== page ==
It was 1944 in the small Luxembourg town of Wiltz. The war had taken a heavy toll as Wiltz had been a center of resistance and suffered brutal reprisals. People were shot in the town square and men were forced into the German army or sent to concentration camps. The German occupation lasted four years before the Germans pulled out in September 1944. After the town’s liberation Allied soldiers rotated through Wiltz for R&R (rest and recuperation).
The 112th Regiment, part of the 28th Infantry Division, Pennsylvania National Guard (known as the Keystone Division), had been sent to relieve troops battling to retake Huertgen Forest. After sustaining heavy casualties they were sent to regroup and rest in Wiltz. The people there had very little and had not been able to celebrate Christmas or anything else during the years of occupation.
A few days before Thanksgiving Corporal Harry Stutz told his buddy, Corporal Richard Brookins, “I think we should give this town a Christmas party, A St. Nicholas Day. For hundreds of years here in Wiltz, they had a celebration on the fifth of December, the eve of St. Nicholas Day. A man dressed as St. Nick paraded through the town and gave candy to the kids. Kids here haven’t celebrated St. Nicholas Day for nearly five years because of the war. Some of them have never seen St. Nick at all.”
Harry talked to the local priest, Father Wolffe, who invited all the townspeople. The soldiers donated all the candy and chocolate from their rations and even some of their gifts from home. The field kitchen would make donuts and bake cakes for the party.
Who would be St. Nicholas? Harry said, “You, Dick! You’re tall, like Father Wolffe. You can wear his fancy robes and a bishop’s hat.” Twenty-two year-old Dick wasn’t so sure—he’d never even played Santa Claus. “You’ve got to do it,” Harry said, “for the kids of Wiltz.” So, Dick agreed, yes, for the kids, but really for everyone, too.
In the afternoon of December 5th, Dick was taken up to Wiltz Castle, home to a convent school. Nuns helped him dress in Father Wolffe’s vestments—cassock, surplice, and a cape, high in the front, but making a train behind him. A rope beard tied on with a ribbon and topped by a bishop’s miter completed the costume.
Two little girls, dressed in white with angel wings, were St. Nicholas’ angel helpers. St. Nicholas sat with his angels in the back of a jeep, ready to go to the town square. Father Wolffe made the sign of the cross over them, giving a blessing, “May God and the spirit of Saint Nicolas be with you.”
Women and children lined the streets—the only men present were men from the 28th Division. A soldier played the guitar while children sang and danced. When they saw Saint Nicolas, everyone cheered.
Children’s faces glowed with excitement and joy. The new American St. Nicolas spoke to each child in German, asking their names and offering treats. Walking about as bishop, he made the sign of the cross, blessing children as he passed. After about 40 minutes, the entourage climbed back in the jeep to drive up to the castle, where more children waited.
Saint Nicholas blessed the children at the castle, then, with his angels carrying his train, he was escorted to a large chair inside the castle. Christmas Committee GIs were at tables, handing out treats, while the nuns served hot chocolate made from the soldiers’ melted chocolate bars.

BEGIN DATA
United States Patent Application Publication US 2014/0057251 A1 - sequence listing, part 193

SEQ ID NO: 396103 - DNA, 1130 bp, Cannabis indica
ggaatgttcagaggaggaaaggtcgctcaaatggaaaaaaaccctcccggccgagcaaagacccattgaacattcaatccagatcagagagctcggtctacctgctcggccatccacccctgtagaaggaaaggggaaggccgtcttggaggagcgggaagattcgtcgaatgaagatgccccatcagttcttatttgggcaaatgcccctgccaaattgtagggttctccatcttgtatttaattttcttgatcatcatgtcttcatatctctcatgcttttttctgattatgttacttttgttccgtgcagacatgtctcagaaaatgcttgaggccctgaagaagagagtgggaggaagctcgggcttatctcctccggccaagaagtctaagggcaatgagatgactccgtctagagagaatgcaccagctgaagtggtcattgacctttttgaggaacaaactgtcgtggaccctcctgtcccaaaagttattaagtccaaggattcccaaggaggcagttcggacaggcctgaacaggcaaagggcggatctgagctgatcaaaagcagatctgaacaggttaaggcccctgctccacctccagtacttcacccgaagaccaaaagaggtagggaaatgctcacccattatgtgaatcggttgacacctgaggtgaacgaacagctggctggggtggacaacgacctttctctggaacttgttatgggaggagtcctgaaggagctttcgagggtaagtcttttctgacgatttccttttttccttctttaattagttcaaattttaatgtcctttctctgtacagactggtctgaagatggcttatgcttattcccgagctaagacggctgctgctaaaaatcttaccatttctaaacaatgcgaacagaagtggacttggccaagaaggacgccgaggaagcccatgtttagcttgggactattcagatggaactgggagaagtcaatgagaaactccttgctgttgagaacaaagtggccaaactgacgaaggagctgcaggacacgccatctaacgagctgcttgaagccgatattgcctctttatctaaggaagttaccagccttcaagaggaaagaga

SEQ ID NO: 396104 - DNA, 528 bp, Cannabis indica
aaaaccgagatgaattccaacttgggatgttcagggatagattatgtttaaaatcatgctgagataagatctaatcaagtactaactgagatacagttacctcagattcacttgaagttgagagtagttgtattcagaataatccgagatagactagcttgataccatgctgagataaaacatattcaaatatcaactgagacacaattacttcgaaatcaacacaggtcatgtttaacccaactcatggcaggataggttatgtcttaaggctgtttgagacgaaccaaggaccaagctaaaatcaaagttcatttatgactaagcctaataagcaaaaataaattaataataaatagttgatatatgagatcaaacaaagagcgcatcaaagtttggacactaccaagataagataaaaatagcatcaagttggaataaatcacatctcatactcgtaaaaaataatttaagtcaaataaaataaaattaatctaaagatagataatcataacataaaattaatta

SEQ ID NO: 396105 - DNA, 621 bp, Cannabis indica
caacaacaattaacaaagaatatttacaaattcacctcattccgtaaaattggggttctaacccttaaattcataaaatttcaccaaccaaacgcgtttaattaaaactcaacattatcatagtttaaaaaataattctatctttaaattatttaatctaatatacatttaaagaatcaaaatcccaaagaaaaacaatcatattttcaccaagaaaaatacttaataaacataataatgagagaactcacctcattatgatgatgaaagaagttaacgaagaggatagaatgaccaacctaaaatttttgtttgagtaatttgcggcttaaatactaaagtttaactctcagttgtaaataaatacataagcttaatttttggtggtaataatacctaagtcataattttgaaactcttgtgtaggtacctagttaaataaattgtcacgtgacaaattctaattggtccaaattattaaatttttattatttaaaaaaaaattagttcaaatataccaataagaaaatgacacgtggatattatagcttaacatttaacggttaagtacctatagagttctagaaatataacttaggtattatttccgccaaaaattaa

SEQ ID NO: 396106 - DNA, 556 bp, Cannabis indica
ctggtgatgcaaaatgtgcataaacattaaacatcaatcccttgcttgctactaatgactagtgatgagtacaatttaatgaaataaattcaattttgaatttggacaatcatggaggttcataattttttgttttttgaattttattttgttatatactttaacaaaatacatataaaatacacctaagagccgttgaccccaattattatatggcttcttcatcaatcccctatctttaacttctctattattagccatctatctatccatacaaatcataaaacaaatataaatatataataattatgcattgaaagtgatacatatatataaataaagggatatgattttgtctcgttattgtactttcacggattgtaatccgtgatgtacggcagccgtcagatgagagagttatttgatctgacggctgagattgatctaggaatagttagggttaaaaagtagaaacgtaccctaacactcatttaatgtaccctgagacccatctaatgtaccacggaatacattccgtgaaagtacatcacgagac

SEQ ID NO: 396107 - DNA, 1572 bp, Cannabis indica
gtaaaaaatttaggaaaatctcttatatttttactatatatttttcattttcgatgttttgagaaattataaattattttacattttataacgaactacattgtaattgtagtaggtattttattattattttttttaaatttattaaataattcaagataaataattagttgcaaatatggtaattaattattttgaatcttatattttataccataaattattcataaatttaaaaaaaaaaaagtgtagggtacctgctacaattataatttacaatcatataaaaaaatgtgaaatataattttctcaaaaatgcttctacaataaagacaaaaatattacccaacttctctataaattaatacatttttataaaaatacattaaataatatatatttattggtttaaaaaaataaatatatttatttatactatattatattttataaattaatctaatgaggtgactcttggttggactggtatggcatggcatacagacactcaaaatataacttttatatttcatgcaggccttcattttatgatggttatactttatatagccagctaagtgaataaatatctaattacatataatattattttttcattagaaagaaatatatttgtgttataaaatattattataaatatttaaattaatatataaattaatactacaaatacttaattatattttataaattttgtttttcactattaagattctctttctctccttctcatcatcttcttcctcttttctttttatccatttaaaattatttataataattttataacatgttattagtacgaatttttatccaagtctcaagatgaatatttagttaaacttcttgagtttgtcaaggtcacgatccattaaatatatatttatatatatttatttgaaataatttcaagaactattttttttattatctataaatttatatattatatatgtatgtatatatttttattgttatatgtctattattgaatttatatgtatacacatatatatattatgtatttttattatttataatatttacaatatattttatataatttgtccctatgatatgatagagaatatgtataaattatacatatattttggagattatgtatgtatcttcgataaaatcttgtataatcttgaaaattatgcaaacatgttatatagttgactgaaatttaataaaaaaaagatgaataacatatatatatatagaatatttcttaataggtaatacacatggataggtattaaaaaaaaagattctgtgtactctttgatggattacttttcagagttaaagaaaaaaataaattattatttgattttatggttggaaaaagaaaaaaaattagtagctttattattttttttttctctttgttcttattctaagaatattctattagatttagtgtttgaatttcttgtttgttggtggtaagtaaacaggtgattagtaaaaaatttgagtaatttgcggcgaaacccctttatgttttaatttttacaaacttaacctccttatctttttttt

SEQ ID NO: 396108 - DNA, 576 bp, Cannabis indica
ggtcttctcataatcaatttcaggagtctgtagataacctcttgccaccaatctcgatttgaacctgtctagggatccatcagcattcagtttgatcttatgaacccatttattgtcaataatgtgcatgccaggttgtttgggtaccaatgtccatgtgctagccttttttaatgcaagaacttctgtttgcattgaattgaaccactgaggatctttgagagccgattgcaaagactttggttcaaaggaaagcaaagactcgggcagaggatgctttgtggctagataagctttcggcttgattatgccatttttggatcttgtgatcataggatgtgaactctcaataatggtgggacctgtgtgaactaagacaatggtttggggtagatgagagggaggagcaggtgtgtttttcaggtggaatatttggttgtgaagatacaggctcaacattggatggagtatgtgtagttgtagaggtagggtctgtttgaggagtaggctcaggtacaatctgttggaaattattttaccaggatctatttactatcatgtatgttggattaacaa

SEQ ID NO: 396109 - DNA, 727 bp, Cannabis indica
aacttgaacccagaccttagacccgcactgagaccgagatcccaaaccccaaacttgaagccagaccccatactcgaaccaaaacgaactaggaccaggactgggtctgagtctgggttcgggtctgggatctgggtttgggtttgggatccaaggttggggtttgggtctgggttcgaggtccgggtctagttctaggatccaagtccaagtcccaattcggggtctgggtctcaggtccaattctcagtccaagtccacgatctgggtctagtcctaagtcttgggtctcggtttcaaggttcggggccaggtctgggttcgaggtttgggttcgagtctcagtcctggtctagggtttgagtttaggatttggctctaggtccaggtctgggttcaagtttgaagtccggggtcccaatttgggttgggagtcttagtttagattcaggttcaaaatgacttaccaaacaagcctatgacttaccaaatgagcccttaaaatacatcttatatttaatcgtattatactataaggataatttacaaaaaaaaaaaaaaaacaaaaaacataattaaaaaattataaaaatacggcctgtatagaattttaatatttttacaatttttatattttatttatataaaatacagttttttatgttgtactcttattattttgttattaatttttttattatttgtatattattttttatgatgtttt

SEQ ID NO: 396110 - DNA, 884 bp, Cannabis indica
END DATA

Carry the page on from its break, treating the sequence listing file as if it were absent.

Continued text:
Everyone settled down and songs, dances and skits entertained and honored Saint Nicolas. Next, children lined up to talk to St. Nicholas, sit on his knee and tell him what they wanted for St. Nicolas Day. St. Nicholas nodded wisely, repeated some words such that anyone would think he really understood. He kissed children on the cheek or forehead or patted them on the head, before turning to the next child.
After the last child was with Saint Nicholas, the Mother Superior thanked Saint Nicolas, saying, “The children are very happy. They will remember, as will we.” The saint thanked his two angels, and left as the last song was sung. He quickly took off the robes so the priest could get to Mass, and the celebration was over.
It was the best St. Nicholas Day in years.
Just two weeks later, Wiltz was bombed, killing many people including children. Wiltz was a major battleground in the Battle of the Bulge and the town was very nearly destroyed.
In 1977, the 30th anniversary of liberation and rebuilding, Richard Brookins was living in Rochester, New York. Completely out of the blue he received a telephone call from Luxembourg asking if he and his family would come to Wiltz to celebrate. “It is very special and we will celebrate in December on Saint Nicholas Day. And it would be an honor to have the very first American Saint Nicholas there.”
The first American St. Nicolas? Had there been more?
Because Brookins and the other American GIs had brought Saint Nicholas Day back to the children, Wiltz began a tradition to remember the American St. Nicolas and all the soldiers who created St. Nicolas Day in 1944. Each year someone was chosen to be the American Saint Nicolas. Then he would go through the town, greeting children and giving treats, continuing up to the Castle for a celebration, just like it was done in 1944. Everyone in Luxembourg celebrates Saint Nicolas, but in Wiltz American Saint Nicolas is special and unique.
And so Richard Brookins, together with his family, traveled to Wiltz. Once again, Richard Brookins was American Saint Nicolas for the children of Wiltz.
In late November, 2014 around Thanksgiving time in the USA, Richard Brookins, now in his 90’s, will be returning to Wiltz for a final time to take part in his last “American St. Nick” celebration and the World War II Foundation will chronicle his visit for a documentary film. It promises to be an emotional thank you and goodbye for Brookins and the grateful citizens of Wiltz, Luxembourg.